A development team that includes Procida Companies and The Church of God of East Flatbush has announced plans to build a 481-unit affordable residential project at 110 New Lots Avenue, in southern Brownsville. The project, dubbed Ebenezer Plaza, will take up the entire block, which is bound by Powell Street and New Lots, Sackman, and Hegeman avenues.
Brooklynites fear that Brownsville will be next on the gentrification train, but those fears have yet to become a reality. Still, investors are taking a hard look at the neighborhood, which is only a train stop away from increasingly pricey Crown Heights and Bushwick.
An anonymous Brooklyn-based LLC has filed applications for a two three-story, six-unit residential building at 275 Grafton Street, in Brownsville. The project will measure 3,593 square feet and its residential units should average 562.5 square feet apiece, indicative of rental apartments. Reza Khamcy’s Great Neck, N.Y.-based Icon Engineering is the applicant of record. The 37-foot-wide, 3,750-square-foot property is currently occupied by a two-story, single-family house. Demolition permits were filed in July. The Saratoga Avenue stop on the 3 train is around the block.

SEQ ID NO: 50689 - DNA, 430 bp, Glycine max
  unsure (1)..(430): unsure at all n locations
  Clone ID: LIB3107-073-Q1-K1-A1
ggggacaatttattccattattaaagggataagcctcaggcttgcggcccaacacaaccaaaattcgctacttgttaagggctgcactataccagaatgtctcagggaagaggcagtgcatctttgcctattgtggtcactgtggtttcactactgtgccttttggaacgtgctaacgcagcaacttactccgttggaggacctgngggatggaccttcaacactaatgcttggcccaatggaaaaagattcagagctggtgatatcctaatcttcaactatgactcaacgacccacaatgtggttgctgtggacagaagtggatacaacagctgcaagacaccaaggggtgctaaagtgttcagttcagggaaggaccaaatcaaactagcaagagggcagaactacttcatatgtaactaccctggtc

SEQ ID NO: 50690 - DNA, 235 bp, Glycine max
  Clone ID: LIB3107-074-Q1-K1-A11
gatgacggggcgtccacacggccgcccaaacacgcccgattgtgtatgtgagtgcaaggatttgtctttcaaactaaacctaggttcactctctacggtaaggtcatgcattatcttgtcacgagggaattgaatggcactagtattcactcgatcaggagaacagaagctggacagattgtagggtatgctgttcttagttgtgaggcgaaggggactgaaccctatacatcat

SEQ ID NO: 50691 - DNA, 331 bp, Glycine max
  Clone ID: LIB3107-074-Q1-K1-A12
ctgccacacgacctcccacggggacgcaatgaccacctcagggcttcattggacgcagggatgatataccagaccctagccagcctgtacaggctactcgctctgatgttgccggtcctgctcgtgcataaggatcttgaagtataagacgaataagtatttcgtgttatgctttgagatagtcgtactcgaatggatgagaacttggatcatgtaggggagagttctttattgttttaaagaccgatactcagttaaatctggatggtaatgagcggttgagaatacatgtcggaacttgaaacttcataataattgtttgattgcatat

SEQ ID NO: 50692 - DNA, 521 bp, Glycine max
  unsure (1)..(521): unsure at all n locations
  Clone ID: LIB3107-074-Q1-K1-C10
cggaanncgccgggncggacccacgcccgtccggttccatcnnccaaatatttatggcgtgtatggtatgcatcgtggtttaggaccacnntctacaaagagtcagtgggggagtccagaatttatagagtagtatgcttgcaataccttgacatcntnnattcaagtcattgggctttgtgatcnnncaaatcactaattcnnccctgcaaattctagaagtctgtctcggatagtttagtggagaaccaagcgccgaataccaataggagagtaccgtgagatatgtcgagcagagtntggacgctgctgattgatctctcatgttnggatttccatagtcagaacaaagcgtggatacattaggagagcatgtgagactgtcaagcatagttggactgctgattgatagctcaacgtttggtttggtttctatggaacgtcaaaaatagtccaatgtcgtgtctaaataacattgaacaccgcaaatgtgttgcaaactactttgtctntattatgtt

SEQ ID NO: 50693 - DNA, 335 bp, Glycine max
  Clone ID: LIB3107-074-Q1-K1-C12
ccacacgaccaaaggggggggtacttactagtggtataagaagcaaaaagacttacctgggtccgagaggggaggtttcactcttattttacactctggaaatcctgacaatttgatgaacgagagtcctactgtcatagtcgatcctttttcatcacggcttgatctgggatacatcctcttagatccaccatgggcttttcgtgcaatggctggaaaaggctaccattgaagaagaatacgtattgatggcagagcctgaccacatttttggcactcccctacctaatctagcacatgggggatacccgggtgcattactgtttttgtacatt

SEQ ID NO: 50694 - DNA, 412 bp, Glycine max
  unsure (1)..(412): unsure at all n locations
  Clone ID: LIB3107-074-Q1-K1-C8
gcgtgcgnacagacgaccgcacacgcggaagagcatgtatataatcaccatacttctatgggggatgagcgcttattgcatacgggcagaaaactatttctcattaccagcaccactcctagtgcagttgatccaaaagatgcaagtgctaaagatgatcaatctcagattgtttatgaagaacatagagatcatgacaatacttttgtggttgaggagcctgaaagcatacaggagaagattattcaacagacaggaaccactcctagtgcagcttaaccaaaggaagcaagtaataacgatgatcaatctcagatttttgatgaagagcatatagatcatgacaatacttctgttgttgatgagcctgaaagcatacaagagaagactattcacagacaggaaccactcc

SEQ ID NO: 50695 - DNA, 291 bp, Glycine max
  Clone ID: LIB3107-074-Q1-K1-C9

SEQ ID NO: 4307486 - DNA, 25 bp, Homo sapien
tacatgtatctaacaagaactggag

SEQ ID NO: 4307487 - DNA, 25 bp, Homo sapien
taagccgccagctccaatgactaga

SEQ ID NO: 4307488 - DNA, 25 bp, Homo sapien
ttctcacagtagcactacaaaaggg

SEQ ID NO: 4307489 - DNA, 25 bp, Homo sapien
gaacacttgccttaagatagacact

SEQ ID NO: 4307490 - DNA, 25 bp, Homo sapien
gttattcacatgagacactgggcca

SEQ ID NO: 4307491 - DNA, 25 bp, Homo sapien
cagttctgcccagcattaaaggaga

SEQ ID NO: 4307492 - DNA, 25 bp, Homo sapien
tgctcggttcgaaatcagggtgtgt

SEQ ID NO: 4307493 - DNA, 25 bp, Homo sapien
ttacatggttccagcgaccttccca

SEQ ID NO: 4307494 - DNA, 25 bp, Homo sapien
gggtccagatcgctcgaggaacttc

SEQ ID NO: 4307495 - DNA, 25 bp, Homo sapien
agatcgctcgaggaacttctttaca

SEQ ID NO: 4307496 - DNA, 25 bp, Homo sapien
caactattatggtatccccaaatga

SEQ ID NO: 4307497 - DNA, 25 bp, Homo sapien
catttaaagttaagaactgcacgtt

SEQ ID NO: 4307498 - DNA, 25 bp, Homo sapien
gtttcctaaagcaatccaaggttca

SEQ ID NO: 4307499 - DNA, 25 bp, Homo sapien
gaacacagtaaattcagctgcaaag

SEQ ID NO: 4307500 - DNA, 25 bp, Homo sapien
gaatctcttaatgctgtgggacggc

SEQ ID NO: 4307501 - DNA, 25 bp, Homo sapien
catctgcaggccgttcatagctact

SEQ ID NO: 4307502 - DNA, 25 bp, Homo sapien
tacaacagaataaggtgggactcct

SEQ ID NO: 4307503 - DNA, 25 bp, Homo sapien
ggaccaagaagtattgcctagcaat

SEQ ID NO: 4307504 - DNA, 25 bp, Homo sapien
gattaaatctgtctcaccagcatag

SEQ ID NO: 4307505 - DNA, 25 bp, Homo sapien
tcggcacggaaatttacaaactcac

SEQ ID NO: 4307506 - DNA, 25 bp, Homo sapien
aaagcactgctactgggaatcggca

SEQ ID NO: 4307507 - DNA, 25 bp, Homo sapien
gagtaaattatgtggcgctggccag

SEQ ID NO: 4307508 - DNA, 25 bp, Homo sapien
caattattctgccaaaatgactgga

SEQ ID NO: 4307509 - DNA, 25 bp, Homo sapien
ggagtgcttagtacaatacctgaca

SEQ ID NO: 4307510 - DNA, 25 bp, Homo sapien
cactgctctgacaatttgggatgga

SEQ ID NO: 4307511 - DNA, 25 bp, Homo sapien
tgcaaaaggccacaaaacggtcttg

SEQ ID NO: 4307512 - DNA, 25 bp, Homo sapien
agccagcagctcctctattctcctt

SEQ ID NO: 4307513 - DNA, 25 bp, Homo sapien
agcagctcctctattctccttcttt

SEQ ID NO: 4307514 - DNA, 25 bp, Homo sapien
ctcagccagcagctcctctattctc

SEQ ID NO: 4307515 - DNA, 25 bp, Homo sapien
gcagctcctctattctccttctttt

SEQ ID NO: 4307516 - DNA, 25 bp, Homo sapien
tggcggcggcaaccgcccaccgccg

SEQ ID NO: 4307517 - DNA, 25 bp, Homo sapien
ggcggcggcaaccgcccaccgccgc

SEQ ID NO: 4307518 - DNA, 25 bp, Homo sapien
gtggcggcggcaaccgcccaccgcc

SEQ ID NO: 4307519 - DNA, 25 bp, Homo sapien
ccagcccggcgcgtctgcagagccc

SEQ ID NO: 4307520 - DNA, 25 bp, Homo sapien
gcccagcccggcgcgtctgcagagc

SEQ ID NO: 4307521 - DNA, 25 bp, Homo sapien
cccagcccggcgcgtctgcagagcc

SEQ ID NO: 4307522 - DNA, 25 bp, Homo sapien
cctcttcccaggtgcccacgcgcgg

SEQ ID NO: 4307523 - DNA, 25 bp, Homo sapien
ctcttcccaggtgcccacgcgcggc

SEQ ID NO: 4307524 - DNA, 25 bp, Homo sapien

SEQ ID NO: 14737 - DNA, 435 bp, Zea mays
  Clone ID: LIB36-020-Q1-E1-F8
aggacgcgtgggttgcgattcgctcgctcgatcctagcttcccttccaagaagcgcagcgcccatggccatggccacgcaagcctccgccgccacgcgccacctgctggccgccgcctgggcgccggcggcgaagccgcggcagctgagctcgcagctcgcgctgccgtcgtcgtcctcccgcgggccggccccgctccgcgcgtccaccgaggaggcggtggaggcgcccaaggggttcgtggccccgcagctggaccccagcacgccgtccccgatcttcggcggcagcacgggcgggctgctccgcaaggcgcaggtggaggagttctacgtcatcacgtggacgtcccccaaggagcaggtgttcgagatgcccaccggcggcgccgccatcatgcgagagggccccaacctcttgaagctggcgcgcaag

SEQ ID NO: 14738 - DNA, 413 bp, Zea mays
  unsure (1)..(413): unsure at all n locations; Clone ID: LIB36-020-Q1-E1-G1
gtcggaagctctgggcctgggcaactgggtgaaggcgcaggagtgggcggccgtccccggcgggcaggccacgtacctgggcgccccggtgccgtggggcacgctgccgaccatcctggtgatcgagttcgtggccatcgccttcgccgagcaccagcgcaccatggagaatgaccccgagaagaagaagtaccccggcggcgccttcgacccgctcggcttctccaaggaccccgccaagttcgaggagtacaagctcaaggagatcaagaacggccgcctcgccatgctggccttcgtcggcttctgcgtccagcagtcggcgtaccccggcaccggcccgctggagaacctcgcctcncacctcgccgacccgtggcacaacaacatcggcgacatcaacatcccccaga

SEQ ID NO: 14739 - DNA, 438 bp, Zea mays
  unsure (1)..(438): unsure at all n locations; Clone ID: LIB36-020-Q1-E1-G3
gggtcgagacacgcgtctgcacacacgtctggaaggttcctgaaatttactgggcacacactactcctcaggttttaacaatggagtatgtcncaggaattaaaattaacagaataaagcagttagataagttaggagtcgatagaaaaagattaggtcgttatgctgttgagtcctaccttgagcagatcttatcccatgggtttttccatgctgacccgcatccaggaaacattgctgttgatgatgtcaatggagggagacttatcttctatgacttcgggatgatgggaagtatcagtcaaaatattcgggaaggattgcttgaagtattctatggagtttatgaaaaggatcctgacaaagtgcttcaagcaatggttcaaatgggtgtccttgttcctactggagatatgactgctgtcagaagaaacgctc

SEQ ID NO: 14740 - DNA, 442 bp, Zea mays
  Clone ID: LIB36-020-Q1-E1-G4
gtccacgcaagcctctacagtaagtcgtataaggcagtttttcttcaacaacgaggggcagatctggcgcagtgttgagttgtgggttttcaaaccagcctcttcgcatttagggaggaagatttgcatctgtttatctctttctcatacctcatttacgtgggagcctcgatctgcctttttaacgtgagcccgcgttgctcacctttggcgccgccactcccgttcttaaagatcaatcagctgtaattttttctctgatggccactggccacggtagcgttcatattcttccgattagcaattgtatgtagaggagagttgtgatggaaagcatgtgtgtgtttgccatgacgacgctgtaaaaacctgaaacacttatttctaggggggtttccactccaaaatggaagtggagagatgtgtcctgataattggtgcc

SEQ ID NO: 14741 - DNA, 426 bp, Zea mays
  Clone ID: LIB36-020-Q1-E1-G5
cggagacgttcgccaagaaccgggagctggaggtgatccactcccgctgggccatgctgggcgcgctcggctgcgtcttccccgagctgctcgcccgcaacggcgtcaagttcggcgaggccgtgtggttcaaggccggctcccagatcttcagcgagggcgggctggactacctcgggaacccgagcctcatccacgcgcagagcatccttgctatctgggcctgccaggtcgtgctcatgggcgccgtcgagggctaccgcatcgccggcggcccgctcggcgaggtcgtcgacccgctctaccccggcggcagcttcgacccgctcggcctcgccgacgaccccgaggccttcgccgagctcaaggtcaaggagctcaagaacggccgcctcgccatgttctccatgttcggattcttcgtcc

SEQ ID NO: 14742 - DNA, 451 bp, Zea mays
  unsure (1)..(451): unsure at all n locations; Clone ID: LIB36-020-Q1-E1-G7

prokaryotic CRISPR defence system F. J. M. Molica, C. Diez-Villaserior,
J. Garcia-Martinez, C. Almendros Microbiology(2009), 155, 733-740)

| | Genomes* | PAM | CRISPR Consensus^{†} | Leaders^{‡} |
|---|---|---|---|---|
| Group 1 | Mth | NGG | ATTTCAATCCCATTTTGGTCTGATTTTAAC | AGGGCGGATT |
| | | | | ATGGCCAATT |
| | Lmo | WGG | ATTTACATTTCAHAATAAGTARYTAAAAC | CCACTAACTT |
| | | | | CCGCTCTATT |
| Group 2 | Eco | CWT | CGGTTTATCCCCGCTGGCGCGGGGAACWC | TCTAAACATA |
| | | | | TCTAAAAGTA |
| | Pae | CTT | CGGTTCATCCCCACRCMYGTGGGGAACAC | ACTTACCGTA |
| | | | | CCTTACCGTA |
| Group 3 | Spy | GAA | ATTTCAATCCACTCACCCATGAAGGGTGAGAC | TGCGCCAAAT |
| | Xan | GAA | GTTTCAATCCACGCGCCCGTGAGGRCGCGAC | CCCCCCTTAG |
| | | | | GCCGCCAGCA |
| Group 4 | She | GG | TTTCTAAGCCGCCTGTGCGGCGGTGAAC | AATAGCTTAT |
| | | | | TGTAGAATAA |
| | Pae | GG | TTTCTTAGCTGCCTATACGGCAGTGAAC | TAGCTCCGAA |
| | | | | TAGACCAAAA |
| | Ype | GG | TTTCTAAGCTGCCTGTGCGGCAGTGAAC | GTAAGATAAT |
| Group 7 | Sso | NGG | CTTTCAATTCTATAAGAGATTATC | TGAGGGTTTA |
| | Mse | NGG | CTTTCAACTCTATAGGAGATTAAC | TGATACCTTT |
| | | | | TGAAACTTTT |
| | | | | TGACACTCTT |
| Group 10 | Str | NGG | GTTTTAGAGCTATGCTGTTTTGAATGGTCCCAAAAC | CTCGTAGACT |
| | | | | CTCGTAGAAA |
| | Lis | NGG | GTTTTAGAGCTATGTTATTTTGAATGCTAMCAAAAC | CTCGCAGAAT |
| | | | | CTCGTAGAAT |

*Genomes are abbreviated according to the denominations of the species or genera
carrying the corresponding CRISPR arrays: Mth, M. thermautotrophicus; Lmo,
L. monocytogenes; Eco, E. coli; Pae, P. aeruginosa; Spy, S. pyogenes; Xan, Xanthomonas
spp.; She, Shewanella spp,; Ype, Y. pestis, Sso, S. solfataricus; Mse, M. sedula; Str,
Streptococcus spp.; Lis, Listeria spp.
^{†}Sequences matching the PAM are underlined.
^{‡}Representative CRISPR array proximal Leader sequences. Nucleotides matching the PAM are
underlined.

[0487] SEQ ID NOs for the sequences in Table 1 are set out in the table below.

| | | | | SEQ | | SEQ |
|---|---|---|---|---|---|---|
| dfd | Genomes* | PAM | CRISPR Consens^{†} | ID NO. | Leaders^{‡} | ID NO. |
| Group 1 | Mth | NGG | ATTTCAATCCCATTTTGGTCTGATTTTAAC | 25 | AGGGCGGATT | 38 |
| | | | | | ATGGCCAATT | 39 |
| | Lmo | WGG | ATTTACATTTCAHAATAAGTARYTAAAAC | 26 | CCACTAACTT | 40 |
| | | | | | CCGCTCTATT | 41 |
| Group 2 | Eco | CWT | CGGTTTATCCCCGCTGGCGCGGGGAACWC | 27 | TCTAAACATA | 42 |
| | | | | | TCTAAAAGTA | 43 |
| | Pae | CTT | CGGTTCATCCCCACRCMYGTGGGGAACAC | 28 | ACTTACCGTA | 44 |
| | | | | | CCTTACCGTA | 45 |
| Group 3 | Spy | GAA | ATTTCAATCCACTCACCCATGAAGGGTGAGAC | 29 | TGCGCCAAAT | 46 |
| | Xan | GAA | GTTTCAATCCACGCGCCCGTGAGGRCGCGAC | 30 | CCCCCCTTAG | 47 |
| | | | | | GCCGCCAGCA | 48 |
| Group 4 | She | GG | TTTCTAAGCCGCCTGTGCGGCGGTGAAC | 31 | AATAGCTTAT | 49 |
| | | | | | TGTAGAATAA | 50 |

SNL Storage has filed applications for a four-story, 61,951-square-foot storage facility at 163 Sackman Street, located on the corner of East New York Avenue in Brownsville. The facility will contain 33,324 square feet of commercial storage units across four above-grade levels and two bel0w-grade levels. Accessory offices will be located on the ground floor, and two parking spaces and two loading berths will facilitate the transport process. Jack Wilbern’s Virginia-based architecture firm Butz • Wilbern is the architect of record. The 16,667-square-foot corner site is currently vacant. The Broadway Junction stop on the A, C, J, L, and Z trains is six blocks away.
As the dust settles after a contentious rezoning in East New York, Brooklyn, the city’s Department of Housing Preservation and Development has set its sights on Brownsville, a neglected and similarly working class neighborhood next door. The housing agency announced the start of a new “neighborhood planning process,” which will collect feedback from residents, organizations, and business owners on how the city could improve the neighborhood.